Conservation and Repair of Timber with Joe Thompson

Ref: B3D13282

Location: West Dean

About this course

This course provides an intensive introduction to historic timber-framed structures. It begins by examining the original methods of framing and construction and then concentrates on defects, failures and the options for intervention. The course comprises lectures, case studies, demonstrations, practical exercises, discussions and tours of the Weald and Downland Living Museum's timber-framed buildings, with particular reference to the development of structural timber repairs undertaken at the Museum over more than fifty years. It includes lectures on fungal decay, insect attack and their conservative treatments, with current research and recent case studies on the subject.

Course Description

Learn essential skills relevant to the conservation of historic timber-framed structures.  
Day 1   
Introduction to timber- frame buildings, including the basics of timber conversion, construction and use, and regional and chronological traditions 

Day 2   
Transfer to the Weald and Downland Living Museum.
You will explore:
Fungal decay and insect attack – the structure of wood and the mechanisms of decay; recognition and effects upon timber
Treatment of rot and insect attack – dealing with the cause, environmental controls, current research and case studies
Practical session on timber decay – exploration and discussion on infestation in a variety of timber samples
Historic methods of timber framing - traditional systems of framing; the fabrication process; layout methodology; joints and marking techniques
Laying out and marking a simple frame - marking methods and cutting mortice and tenon joints; traditional pegs and fixings

Evening learning at the College: Introduction to repair techniques - radical and conservative philosophies; recording techniques; overview of repair methods using timber, steel and resin.

Day 3   
Transfer to the Weald and Downland Living Museum.
You will explore:
Examples of carpentry at the Living Museum
Repairs using timber – assessing defective timbers; the range of timber to timber repairs; the use of iron and steel in conjunction with timber repairs.
Repair demonstrations – evaluating the criteria for a repair; working methodology; tools and their uses; setting out the repair.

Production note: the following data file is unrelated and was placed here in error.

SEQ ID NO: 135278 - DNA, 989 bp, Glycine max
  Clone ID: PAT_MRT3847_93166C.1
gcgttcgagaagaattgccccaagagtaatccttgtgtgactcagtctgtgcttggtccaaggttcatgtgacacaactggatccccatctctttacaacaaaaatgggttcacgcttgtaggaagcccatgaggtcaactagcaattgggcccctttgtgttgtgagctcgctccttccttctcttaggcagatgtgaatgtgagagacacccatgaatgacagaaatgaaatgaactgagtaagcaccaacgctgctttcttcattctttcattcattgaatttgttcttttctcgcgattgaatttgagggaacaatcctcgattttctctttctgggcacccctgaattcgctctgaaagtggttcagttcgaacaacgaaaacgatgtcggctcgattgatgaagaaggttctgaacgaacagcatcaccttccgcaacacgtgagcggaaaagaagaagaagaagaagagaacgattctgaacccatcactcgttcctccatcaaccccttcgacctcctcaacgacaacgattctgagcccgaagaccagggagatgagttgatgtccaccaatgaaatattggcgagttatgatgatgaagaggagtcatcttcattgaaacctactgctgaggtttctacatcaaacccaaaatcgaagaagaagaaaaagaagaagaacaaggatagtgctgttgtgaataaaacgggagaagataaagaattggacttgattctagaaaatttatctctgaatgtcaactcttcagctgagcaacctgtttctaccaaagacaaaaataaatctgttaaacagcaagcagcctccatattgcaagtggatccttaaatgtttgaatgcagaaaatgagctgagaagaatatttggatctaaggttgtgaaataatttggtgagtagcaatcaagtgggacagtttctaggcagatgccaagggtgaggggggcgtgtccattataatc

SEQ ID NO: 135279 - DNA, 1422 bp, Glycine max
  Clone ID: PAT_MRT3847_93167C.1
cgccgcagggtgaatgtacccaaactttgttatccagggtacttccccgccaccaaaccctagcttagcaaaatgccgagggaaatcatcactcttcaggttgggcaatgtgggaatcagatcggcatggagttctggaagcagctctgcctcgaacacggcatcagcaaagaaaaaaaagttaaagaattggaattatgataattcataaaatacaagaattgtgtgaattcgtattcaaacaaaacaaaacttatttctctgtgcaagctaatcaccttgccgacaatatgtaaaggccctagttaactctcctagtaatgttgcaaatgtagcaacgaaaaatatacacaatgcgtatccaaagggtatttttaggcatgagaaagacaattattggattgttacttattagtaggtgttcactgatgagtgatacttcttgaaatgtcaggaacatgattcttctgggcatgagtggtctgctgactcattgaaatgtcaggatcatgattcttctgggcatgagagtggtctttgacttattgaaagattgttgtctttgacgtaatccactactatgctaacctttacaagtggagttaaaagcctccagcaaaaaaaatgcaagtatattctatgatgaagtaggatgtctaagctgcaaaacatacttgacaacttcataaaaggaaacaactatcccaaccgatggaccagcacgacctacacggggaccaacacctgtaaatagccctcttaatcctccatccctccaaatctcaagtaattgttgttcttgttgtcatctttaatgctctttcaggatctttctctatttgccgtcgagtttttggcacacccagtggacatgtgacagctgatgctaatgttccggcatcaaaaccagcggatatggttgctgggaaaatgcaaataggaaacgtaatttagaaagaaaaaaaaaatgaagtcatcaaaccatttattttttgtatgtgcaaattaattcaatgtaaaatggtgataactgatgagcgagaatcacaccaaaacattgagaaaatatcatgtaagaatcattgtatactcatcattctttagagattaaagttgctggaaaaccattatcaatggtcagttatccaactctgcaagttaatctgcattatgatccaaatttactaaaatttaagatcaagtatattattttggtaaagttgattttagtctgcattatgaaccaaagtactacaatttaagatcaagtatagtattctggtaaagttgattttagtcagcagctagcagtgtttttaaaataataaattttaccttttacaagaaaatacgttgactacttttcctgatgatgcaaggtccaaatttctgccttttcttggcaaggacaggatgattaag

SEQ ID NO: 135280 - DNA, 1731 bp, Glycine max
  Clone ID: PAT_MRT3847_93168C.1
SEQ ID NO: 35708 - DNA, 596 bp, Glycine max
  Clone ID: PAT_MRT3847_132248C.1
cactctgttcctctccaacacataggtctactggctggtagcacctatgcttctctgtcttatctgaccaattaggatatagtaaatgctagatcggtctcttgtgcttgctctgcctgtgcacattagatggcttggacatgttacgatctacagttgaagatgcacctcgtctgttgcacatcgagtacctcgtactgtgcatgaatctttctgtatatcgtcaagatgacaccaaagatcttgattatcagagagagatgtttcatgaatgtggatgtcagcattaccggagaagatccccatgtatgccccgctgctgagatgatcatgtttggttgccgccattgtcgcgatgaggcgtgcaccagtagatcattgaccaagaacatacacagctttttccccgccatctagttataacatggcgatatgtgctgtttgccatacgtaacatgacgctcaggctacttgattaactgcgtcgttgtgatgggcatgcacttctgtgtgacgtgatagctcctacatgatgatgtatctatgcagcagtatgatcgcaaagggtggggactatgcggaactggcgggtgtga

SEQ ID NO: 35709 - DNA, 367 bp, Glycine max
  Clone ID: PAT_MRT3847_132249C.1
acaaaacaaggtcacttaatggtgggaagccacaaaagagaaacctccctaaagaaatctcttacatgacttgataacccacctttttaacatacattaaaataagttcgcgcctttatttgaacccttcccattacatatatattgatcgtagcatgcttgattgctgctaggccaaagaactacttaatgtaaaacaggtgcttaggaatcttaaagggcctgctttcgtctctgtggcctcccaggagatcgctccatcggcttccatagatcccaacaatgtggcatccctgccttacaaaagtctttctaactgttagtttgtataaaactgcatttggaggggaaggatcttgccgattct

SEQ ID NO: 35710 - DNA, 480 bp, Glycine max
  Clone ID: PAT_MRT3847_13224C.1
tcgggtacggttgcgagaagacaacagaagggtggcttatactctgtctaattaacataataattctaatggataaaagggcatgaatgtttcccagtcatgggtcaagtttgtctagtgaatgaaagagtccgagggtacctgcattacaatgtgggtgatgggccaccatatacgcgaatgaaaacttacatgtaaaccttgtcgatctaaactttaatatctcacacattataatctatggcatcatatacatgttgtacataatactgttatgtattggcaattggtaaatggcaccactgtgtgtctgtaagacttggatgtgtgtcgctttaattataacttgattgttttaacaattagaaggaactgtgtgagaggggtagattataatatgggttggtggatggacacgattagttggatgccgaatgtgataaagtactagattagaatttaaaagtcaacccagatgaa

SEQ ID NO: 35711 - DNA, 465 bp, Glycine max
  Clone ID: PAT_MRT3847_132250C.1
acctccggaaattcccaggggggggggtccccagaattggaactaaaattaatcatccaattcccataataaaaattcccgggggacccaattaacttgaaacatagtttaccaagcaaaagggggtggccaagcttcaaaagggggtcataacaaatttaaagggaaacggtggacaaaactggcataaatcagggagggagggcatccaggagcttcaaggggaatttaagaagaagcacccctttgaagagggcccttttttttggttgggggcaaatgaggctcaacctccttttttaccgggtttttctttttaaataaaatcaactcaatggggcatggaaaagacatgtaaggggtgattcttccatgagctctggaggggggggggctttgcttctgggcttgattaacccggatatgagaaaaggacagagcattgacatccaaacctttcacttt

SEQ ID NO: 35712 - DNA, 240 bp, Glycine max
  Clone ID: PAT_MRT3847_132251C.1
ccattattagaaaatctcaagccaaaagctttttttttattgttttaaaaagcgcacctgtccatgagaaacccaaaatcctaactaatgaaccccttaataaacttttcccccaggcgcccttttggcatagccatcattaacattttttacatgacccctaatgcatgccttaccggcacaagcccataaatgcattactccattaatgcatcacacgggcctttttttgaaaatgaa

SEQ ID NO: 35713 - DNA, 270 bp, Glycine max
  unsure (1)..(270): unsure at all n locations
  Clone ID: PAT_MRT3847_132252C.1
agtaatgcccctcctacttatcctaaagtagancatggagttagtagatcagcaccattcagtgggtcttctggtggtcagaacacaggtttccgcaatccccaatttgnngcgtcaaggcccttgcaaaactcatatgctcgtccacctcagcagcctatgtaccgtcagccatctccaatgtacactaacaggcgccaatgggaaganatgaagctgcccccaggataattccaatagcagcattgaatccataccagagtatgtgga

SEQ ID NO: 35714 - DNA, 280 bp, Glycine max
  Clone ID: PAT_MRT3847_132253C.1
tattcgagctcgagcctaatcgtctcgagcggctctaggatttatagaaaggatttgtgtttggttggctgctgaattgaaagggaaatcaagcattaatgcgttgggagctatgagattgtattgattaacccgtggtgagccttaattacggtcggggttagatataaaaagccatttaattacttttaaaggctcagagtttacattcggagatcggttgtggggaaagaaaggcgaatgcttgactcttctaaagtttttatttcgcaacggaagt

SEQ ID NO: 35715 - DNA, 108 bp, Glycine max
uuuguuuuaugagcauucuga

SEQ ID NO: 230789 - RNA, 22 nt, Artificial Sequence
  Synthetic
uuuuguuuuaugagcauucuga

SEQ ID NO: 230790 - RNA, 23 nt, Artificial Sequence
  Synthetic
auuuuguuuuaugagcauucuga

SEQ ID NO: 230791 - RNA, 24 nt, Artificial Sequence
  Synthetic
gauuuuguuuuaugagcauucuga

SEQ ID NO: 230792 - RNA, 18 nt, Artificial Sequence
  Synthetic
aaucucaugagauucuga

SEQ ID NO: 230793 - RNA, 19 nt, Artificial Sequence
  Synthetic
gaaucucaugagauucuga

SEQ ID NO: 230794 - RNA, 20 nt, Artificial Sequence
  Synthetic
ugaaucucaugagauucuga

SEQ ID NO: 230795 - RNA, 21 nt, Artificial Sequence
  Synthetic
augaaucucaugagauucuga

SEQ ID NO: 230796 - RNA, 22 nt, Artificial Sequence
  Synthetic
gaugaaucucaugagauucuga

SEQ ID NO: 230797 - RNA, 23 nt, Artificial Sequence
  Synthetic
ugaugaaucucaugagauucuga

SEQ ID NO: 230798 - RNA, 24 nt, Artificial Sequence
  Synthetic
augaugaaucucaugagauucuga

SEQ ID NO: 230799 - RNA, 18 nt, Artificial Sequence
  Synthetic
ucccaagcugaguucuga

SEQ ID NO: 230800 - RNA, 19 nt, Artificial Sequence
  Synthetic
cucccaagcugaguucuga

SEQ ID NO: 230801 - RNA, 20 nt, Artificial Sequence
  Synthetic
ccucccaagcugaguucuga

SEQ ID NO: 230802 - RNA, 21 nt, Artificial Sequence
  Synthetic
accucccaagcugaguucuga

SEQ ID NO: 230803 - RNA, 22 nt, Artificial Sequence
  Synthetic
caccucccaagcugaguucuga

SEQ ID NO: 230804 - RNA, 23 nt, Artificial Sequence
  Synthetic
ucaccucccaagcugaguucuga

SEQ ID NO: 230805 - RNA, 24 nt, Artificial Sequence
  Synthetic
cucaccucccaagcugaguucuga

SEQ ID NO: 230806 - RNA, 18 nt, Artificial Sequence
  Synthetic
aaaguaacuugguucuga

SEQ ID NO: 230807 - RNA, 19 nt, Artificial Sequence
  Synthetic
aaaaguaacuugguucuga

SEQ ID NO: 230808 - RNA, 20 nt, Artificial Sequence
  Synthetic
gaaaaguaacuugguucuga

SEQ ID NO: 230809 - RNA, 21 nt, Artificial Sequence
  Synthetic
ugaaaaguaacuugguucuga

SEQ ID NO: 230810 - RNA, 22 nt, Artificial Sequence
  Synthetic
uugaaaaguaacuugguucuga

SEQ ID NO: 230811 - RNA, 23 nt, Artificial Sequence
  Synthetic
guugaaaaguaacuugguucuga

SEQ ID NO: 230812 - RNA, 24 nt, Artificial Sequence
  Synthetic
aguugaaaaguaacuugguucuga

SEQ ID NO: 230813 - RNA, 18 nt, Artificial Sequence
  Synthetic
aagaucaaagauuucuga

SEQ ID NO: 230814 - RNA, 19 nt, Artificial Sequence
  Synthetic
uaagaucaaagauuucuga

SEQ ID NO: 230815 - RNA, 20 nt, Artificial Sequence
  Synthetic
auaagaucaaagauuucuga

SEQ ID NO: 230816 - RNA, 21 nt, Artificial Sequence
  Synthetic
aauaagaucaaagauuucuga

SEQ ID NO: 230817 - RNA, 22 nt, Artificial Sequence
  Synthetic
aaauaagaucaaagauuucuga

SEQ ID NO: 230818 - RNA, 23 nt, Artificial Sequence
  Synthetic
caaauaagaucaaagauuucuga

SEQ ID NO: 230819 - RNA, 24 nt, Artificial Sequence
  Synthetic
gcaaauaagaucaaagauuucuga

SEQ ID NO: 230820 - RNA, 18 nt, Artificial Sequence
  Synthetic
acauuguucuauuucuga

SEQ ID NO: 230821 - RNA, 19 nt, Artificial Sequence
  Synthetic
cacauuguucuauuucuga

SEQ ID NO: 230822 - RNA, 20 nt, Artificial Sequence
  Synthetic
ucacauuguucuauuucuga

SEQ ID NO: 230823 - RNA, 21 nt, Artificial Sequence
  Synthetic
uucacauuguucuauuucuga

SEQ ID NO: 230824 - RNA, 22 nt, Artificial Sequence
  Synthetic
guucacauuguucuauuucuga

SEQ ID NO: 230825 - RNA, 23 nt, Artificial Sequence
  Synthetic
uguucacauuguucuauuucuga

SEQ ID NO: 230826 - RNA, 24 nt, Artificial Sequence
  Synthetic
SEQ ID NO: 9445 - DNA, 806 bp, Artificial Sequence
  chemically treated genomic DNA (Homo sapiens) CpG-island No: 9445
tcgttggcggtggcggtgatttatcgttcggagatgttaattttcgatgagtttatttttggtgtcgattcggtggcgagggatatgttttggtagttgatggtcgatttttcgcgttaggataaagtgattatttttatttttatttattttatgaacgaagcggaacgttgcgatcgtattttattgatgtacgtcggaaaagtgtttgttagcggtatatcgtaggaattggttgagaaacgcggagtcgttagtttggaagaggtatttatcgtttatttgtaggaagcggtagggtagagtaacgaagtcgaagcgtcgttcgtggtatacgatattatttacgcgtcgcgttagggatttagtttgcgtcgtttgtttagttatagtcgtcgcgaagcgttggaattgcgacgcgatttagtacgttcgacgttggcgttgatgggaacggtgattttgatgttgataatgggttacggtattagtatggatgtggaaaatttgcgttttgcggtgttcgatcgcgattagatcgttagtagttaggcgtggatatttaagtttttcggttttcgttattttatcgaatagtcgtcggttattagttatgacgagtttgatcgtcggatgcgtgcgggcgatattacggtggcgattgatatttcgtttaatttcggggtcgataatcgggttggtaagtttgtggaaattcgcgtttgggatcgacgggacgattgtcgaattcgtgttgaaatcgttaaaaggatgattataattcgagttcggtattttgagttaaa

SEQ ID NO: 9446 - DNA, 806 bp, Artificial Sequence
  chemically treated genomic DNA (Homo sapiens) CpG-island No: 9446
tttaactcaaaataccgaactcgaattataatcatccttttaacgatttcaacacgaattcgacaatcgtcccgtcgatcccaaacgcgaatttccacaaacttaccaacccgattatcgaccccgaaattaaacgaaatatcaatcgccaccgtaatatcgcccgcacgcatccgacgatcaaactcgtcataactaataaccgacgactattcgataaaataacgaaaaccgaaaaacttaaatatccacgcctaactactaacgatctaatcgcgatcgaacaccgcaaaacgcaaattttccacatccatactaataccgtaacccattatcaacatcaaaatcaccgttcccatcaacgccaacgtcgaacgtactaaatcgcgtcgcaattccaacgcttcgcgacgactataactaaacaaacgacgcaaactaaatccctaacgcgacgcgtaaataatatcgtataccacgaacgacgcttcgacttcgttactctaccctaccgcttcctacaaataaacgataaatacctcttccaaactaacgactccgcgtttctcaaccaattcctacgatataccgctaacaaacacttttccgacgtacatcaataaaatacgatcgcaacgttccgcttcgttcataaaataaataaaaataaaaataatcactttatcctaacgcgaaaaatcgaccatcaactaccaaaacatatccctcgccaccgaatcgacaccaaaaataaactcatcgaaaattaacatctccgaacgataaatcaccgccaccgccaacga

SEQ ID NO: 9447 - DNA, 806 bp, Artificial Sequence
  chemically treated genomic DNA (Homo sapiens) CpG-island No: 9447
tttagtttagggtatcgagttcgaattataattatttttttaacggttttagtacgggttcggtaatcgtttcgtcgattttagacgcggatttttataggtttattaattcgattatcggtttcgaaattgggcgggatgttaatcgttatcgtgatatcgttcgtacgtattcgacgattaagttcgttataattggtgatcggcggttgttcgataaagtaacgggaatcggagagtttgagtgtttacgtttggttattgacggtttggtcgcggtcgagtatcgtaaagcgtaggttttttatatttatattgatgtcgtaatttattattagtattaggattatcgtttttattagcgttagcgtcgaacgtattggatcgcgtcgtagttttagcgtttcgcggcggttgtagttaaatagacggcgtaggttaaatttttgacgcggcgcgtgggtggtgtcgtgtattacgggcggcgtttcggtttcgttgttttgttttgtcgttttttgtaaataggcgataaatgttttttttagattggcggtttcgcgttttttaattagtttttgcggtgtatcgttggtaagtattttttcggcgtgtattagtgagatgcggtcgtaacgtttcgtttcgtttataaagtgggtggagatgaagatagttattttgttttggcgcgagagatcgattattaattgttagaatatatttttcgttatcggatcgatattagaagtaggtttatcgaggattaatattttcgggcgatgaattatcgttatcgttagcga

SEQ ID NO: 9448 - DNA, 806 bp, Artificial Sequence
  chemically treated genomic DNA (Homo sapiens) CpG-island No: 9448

Fixing and finishing repairs – types of fixings; traditional pegs and fixings; tool marks and surface finishes.

Evening learning at the College: Case studies – in-situ repair considerations; temporary support systems; softwood frame repairs (including Long Crendon Courthouse, Harmondsworth Barn, Chatham Dockyard buildings, Barley Hall York.

Day 4   
Transfer to the Weald and Downland Living Museum.
Tour of Museum’s timber buildings to view repairs, including ones using epoxy resin systems  
Workshop exercise – assessment, evaluation and repair proposals for selected defective historic timbers; discussion of alternative repair options; specifications for timber repairs.
The reconstruction of the Globe Theatre – an archaeological reconstruction of a timber-framed building.   
15.30 Summary, feedback and discussion.  Issue of certificates and depart.
Transfer to College.


Arrival Day - this is the first date listed above

Courses start early evening. Residential students to arrive from 4pm, non-residential students to arrive by 6.45pm.

6.45pm: Welcome, followed by dinner (included).

8 - 9pm: First teaching session, attendance is essential.

Daily timetable

Classes 9.15 - 5pm, lunch is included.

From 6.30pm: Dinner (included for residential students).

Evening working - students may have access to workshops until 9pm, but only with their tutor's permission and provided any health and safety guidelines are observed.

Last day

Classes 9.15am - 3pm, lunch is included.

Residential students are to vacate their rooms by 10am please.

(This timetable is for courses of more than one day in length. The tutor may make slight variations)

Course Materials

What students need to bring

Please remember to bring work clothes/overalls and shoes/boots for practical sessions.   


Joe Thompson Tutor at West Dean College of Arts and Conservation

Joe Thompson

Joe Thompson - BCM Course Leader

Joe of Sussex Oak and Iron is carpenter in residence at the Weald and Downland Living Museum. He has developed a keen analytical eye and a scholar's passion for following and interpreting the evidence along with a natural skill in teaching.


Residential option available. Find out accommodation costs and how to book here.

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